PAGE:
Vineland, NJ, August 15, 2020 --(PR.com
)-- Summer’s nearly over, and it’s time to prepare for the return of teachers, webcams and books.
Most students are looking forward to the new school year while still adjusting to life in this pandemic world. Yet, typical issues of teen life are still prevalent, whether learning from home or not.
“But having someone to listen to your troubles could mean the difference between life and death if the teen’s depression is untreated. Therefore, giving students access to resources makes a positive difference,” says Tamika M. Murray, author of “Crying, Learning, and Laughing: Why Students Visit the Teen Center,” a guide for helping teens in need.
Here are the Top 10 Resolutions for Helping High School Students Going Back to School:
1) Do some active listening. Parents and caregivers can ease the fears of their adolescents. By active listening, you’re engaging and caring about what is said. Staying focused is especially essential now as your teen could worry about contracting COVID-19 upon return to class.
2) Provide linkage to resources. Whether your son, daughter or client can call and schedule an appointment or not, offering suggestions and assistance for tutoring or finding a job will lessen the anxiety.
3) Seek counseling when needed. Not all teenagers will need counseling services. However, many have lost loved ones over the past few months. These kids could benefit from mental health services. Remember, whatever occurs at home gets carried over into school, even if you’re e-learning.
4) Keep them connected to friends. When you’re young separation from your BFF could result in depression. But when the fears of society are heightened, your teen will need an outlet for fun and laughter. Allowing your kids to hang out with friends while wearing masks is a good idea. Pick an outdoor venue since the weather is warmer. As the cold settles in, then move the meetings indoors, and keep the number of attendees low.
5) Buy new clothing. We’re all guilty of lounging around our home during this time of seclusion and minimal outside excursions. But that shouldn’t hinder us from treating our kids to new items, and a fresh do. Even if they are splitting time between home and school, an up to date outfit can boost their mood.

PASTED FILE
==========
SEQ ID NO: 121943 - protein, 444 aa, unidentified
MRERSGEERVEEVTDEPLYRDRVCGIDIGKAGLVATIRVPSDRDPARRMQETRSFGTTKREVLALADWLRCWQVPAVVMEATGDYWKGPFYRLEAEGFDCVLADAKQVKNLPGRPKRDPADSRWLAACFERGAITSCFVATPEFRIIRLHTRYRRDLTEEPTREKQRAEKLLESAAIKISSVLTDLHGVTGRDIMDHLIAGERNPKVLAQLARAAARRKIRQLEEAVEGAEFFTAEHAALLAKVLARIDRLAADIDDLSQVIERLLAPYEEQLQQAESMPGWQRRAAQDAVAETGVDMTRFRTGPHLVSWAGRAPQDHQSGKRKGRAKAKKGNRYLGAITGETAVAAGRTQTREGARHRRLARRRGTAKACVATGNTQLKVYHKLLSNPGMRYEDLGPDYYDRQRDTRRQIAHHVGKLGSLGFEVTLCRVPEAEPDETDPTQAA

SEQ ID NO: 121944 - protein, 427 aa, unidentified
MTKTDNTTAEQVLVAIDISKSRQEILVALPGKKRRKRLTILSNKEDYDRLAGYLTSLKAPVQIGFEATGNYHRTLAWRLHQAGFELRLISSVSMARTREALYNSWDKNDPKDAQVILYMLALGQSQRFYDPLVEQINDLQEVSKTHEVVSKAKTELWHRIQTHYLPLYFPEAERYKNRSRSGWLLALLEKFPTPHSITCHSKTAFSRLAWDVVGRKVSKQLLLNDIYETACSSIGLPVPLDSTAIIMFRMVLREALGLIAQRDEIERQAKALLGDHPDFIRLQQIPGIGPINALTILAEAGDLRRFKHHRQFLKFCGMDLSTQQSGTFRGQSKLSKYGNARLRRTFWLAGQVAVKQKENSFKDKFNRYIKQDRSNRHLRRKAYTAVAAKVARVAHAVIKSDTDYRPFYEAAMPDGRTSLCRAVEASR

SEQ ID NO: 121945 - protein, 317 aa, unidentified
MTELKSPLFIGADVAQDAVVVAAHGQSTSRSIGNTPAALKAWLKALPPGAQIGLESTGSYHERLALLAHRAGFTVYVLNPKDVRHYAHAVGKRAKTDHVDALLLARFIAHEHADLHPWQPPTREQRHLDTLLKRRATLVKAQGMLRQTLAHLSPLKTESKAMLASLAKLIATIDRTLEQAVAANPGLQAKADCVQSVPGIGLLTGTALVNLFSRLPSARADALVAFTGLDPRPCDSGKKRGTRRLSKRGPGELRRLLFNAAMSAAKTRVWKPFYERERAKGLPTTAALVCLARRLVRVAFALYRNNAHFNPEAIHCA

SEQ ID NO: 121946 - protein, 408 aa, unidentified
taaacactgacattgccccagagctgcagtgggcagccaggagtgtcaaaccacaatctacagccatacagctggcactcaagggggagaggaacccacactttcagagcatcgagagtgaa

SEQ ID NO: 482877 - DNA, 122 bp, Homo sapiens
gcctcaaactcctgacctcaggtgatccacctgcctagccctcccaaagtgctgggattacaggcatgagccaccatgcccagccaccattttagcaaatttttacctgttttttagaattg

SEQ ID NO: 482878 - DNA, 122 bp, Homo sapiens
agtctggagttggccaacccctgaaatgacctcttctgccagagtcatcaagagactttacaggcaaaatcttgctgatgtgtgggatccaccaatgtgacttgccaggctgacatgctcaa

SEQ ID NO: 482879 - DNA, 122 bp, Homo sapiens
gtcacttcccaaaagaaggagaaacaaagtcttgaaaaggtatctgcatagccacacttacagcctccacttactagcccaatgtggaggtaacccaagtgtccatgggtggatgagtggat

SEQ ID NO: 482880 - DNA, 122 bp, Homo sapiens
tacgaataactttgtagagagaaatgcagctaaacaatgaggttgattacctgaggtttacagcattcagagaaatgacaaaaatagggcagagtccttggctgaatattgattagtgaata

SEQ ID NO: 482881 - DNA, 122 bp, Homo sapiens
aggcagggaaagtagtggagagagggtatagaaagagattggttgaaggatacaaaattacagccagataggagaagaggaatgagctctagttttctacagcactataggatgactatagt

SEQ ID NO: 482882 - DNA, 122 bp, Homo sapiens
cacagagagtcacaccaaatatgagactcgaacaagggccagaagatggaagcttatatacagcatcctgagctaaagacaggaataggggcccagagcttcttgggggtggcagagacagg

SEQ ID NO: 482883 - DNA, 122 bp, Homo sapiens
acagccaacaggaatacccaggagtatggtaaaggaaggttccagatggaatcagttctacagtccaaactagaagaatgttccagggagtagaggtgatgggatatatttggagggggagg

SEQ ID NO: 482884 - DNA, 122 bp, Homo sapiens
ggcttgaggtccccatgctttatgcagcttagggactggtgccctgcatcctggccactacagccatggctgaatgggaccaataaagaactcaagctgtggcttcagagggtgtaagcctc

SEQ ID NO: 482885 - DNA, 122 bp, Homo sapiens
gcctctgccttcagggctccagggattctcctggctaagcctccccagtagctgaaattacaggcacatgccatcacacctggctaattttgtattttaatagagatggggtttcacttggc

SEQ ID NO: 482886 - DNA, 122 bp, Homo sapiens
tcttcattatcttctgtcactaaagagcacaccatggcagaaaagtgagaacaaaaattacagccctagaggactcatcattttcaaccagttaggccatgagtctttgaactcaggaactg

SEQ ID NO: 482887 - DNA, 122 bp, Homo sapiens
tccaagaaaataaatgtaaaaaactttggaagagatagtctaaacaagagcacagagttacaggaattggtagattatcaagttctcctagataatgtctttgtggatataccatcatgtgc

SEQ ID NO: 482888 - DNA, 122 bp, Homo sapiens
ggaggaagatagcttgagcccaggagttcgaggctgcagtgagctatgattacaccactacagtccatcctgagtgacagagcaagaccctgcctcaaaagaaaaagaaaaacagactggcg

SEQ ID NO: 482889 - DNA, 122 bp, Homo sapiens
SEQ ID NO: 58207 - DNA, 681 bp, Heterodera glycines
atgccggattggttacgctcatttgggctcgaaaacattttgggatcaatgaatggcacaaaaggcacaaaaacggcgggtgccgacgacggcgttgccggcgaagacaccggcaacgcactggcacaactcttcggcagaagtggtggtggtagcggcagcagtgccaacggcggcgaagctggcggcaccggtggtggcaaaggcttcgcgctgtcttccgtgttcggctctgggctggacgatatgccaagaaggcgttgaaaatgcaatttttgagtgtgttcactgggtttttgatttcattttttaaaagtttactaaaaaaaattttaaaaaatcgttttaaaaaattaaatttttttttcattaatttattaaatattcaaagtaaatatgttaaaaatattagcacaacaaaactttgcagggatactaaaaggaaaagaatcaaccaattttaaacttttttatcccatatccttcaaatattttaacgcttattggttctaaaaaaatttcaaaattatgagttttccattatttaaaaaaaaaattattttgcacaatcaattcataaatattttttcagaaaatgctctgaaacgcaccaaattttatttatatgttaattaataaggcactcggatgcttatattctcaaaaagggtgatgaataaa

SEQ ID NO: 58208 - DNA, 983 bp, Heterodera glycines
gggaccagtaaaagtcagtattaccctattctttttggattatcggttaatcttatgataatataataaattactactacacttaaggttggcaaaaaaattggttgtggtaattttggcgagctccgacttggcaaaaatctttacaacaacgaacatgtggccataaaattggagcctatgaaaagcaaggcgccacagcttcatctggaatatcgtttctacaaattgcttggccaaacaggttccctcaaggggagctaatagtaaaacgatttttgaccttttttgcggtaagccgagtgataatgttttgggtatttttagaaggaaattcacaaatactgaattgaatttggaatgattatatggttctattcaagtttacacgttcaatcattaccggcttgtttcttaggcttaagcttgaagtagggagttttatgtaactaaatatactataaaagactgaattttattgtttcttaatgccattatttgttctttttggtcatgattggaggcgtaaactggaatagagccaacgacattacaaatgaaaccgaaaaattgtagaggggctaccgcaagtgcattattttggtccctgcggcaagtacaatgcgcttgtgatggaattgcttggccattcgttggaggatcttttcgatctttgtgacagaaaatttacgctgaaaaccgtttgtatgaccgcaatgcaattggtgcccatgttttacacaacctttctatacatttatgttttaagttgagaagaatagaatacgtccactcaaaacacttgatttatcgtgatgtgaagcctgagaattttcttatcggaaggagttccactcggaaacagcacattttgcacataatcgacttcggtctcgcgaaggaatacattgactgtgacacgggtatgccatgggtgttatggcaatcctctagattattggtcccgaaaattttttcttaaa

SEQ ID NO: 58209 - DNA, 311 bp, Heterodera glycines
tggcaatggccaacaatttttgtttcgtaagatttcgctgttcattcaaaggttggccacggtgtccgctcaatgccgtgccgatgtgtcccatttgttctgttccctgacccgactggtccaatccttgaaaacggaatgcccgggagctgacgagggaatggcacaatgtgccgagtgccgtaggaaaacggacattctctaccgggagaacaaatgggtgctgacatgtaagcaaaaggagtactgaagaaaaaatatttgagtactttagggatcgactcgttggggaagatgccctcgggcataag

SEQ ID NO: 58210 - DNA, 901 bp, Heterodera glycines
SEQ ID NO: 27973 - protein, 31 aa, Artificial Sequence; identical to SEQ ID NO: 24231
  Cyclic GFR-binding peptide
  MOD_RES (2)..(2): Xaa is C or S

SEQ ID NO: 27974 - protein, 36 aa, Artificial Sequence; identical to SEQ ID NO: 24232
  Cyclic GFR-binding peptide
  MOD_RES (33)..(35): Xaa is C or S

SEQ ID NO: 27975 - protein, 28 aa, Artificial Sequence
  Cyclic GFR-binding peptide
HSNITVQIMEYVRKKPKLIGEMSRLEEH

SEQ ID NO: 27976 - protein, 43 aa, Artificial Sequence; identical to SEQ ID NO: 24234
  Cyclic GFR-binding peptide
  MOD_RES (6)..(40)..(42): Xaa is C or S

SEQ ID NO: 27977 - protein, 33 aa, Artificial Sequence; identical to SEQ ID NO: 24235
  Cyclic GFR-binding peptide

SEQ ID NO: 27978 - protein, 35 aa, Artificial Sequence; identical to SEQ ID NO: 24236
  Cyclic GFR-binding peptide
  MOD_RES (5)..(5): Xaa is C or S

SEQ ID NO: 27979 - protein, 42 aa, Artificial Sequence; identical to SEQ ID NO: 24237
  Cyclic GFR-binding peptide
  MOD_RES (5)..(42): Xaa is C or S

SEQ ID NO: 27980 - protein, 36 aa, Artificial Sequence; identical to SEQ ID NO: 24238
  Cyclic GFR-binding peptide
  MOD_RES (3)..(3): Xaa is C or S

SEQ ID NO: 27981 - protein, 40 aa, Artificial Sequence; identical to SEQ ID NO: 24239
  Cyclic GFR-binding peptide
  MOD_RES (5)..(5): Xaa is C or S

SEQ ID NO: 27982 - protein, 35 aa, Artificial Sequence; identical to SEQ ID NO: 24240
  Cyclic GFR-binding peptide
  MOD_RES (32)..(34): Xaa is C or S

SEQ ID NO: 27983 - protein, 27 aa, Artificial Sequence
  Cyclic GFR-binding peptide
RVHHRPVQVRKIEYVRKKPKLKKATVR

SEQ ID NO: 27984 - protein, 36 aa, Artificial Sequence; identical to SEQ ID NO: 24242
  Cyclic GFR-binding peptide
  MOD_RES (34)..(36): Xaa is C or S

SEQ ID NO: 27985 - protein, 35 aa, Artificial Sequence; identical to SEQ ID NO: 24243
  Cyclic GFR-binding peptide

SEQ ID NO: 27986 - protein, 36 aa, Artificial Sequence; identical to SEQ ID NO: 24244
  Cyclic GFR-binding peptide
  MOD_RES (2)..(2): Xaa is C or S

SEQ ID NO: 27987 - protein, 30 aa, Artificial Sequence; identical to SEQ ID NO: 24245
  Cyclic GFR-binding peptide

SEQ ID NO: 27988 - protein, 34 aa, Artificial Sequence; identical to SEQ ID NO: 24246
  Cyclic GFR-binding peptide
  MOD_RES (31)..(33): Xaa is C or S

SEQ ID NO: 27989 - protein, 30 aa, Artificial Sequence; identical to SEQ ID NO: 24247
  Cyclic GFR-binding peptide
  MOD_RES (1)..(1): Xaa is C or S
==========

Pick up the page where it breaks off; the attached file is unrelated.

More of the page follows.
6) Get the necessary school supplies. While this may sound like a no-brainer, millions of families are experiencing financial instability because of jobs lost during the Pandemic. Basic needs, including notebooks, pens, and laptops, might not get met. But searching local charities, community giveaways, backpack programs, school districts, and religious organizations might be the answer. Students have their hands full completing assignments without the added stress of lacking the proper supplies.
7) Go for a post-summer outing. Every family’s situation differs, but if you can set aside time before the start of school to get away, it’ll refresh your clan. Being stuck in the house can be a downer, especially during the warm months. If you’ve been in seclusion, consider venturing off to a nearby lake, boardwalk, or beach. Perhaps grabbing an outdoor lunch or visiting a museum is a better option. Whatever you decide to stay close or travel far, getting away before classes begin practices self-care.
8) Seek support from the school. School districts know families are trying to handle the current situation the best they can. Staying in contact with your school’s staff and teachers gives you the support necessary to get the kids through tough assignments and answer questions that arise.
9) Offer pregnancy prevention tips. Many parents of adolescents are probably focused on getting their kids set up for virtual or hybrid classes. But teens will be teens even during a Pandemic. Parents can’t be with their adolescents all the time. Ensuring your kid knows how to prevent unwanted pregnancy and sexually transmitted diseases by reviewing contraception methods is smart.
10) Pump up your teen. Get your kid excited about beginning a new school year. If you’re happy, it might rub off on your son or daughter. Sure, many kids dread going back to lessons, but their mood might improve if you make it enjoyable. If that doesn’t work, then remind them that a hybrid or e-learning experience is more flexible than sitting in a traditional classroom.
"Crying, Learning, and Laughing: Why Students Visit the Teen Center" ($15.00, ISBN: 978-1-7350293-0-6), a 132-page paperback published by Celestial Publishing LLC is available at most major online book retailers including Amazon.com for Pre-Order. The title releases on September 1, 2020. To learn about the author visit MikaMurray81@gmail.com